The one where I puke … emotionally

Background:  I wrote this post yesterday.  I was angry and hurt.  I had just been to a therapy session that went well, as therapy does.  But it had opened some particularly festering sores.  It had scratched things open that I had put into boxes and kicked under beds years ago.

I was going to push the button that said “publish” and then I realised I was writing this from a very hurt and very painful place.  I then decided to hold on it, I dropped it into my draft tray and left it there.

Kennith and I spoke last night and I confided in him about things that had happened to me, that I had never told him about. Partly because (a) I had not thought about them in years (b) I had hidden them away to protect myself.

So here is the post from yesterday, but slightly edited ….

I was listening to Cape Talk on my drive about today and they were talking about the Seven Myths of Perfect Parenting and I was a bit taken back.

Here is the list just so you can get some  context:-

“I have to be a great parent to be good enough.”

“I have to parent perfectly so my kids will turn out okay.”

“Kids are scarred for life by the mistakes of their parents.” * file that one away for later shall we.

“Someone out there knows exactly how to do parenting the right way.”

“If I don’t teach them everything they need to know, I’m a failure as a parent.”

“If I don’t provide them with everything they want, I’m failing as a provider.”

“It’s important that I be my kids’ friend.”

Loads of moms were phoning in to agree that most of the myths. They were saying yes these were just myths.

Unfortunately I could not listen to the entire piece as I had to get out of the car at some point.  Well to be honest, if I did not have to get out of the car, I might well have thrown myself into moving traffic ….

For the little bit I was listening to I started to get upset, like angry and then crying upset. (I also realised that my anger and reaction was totally out of the what would be deemed suitable reaction for what was happening on the show – but it seemed to hit a nerve with me.)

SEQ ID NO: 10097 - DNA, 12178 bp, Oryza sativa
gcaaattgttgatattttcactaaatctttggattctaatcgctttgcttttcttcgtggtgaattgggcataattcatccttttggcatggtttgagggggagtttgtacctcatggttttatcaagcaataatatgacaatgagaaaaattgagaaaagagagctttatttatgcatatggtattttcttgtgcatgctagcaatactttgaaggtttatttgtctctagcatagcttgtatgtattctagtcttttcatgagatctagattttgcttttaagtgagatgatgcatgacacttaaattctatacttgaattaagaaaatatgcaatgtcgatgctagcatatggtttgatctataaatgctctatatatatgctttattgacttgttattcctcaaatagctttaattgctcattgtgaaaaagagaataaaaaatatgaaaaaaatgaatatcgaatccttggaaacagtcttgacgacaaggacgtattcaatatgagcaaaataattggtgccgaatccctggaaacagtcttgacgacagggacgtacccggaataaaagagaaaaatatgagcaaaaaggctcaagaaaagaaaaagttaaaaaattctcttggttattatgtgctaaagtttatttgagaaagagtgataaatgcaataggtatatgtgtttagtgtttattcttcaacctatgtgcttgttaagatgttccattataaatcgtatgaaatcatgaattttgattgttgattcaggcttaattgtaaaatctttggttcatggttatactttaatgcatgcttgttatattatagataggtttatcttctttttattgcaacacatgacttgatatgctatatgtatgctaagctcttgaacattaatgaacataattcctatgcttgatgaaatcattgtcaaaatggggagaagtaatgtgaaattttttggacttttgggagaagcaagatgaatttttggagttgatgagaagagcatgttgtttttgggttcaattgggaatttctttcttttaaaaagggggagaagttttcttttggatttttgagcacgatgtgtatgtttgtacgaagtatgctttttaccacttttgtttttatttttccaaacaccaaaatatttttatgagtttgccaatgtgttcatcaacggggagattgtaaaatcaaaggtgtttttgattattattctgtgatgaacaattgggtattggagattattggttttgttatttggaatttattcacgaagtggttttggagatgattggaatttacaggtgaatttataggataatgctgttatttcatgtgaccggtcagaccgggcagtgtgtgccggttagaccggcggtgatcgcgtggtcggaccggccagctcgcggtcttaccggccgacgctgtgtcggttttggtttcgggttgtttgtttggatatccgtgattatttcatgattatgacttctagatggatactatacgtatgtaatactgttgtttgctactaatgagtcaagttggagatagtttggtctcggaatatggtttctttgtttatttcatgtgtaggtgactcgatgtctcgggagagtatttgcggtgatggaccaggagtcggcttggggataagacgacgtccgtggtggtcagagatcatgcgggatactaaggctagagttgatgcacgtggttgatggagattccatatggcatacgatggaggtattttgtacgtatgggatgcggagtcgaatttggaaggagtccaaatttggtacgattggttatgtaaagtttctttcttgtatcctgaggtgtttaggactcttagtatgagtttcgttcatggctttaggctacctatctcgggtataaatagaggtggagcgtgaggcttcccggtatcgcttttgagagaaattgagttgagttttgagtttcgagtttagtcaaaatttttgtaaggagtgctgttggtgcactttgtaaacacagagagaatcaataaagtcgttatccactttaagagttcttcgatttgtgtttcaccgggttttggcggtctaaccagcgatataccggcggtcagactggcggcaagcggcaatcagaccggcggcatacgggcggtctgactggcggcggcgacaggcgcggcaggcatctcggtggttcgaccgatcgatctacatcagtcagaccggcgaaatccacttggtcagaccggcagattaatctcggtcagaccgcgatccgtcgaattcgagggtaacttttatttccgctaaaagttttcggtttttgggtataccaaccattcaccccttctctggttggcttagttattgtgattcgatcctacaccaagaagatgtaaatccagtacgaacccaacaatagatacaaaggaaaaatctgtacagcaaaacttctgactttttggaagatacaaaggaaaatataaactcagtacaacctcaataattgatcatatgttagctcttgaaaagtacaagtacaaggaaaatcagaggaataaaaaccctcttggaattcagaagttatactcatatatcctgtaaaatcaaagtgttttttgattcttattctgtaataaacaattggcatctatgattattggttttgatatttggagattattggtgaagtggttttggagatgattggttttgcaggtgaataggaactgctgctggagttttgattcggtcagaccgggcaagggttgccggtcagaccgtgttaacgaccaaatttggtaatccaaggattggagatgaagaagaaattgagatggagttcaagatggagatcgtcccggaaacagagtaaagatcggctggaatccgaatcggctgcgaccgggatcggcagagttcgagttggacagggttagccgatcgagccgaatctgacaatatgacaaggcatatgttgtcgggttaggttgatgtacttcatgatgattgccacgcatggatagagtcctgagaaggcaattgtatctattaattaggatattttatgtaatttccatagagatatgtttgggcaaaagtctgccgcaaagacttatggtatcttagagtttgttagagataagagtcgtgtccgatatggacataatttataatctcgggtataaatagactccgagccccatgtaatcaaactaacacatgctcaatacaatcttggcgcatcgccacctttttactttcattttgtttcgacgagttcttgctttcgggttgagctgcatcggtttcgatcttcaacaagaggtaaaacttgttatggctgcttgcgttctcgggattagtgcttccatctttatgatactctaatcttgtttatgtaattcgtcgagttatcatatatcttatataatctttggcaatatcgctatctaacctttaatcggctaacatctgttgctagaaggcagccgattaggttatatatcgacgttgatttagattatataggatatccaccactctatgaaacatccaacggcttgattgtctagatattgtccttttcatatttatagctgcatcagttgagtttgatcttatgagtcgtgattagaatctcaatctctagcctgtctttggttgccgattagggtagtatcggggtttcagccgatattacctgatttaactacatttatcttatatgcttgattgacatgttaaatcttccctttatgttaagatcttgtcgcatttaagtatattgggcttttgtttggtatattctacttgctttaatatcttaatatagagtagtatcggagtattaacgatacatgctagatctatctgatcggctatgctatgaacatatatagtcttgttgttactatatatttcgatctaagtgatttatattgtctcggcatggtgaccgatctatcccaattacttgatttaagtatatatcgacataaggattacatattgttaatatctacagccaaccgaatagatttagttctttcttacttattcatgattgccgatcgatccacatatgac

I agreed with many of these statements.  These are myths and we often labour ourselves trying to live up to these ideals, which are things we should toss out with last night’s left over wine.

The thing that I was not hearing from these moms who were phoning in, was that you can actually totally “fek” your kid up – like start-investing-in-a-therapy-fund-now-and-abandon-the-university-education-one level of fek up.

I accept that as parents we will not be the perfect parent.  I am the poster parent for NOT PERFECT PARENTING – I barely make it on the ballot for “good enough parenting”.

As parents, we will get things wrong, and often kids will be okay …. but – and here is the kicker – some kids will be fine, and others won’t (presenting exhibit A).

I am probably not going to be eloquent here, as my nerves are raw and ragged.

As parents you can totally fuck it up.  The effects will resound in our children’s lives, well past adolescents and into adulthood and they will arrive like monsters in the middle of the night or when you lean in to hug your nearest and dearest.

Parents cannot use the “get out of jail free card” and “well, I did the best I could” – that shit does not work for me.

I know I am using profanity, but I am really worked up … so give me some latitude before you report me to the nanny-police.

I sit here as the result of the “I did the best I could with what I had” parenting.

As a thirty freak’n eight years old I am a total stuff up.

We can argue for hours how really stuffed up I am, and who gets to define the level of normal versus stuff up.  In my world, I get to make the rules, and I am pretty stuffed up on even a good day – I have a doctor’s note to tell me so.

When you have some time, I will give you a list.  Suffice to say that I can win an Academy Award for my ability to “act normal” in so many situation it will bring a tear even to the most jaded eye.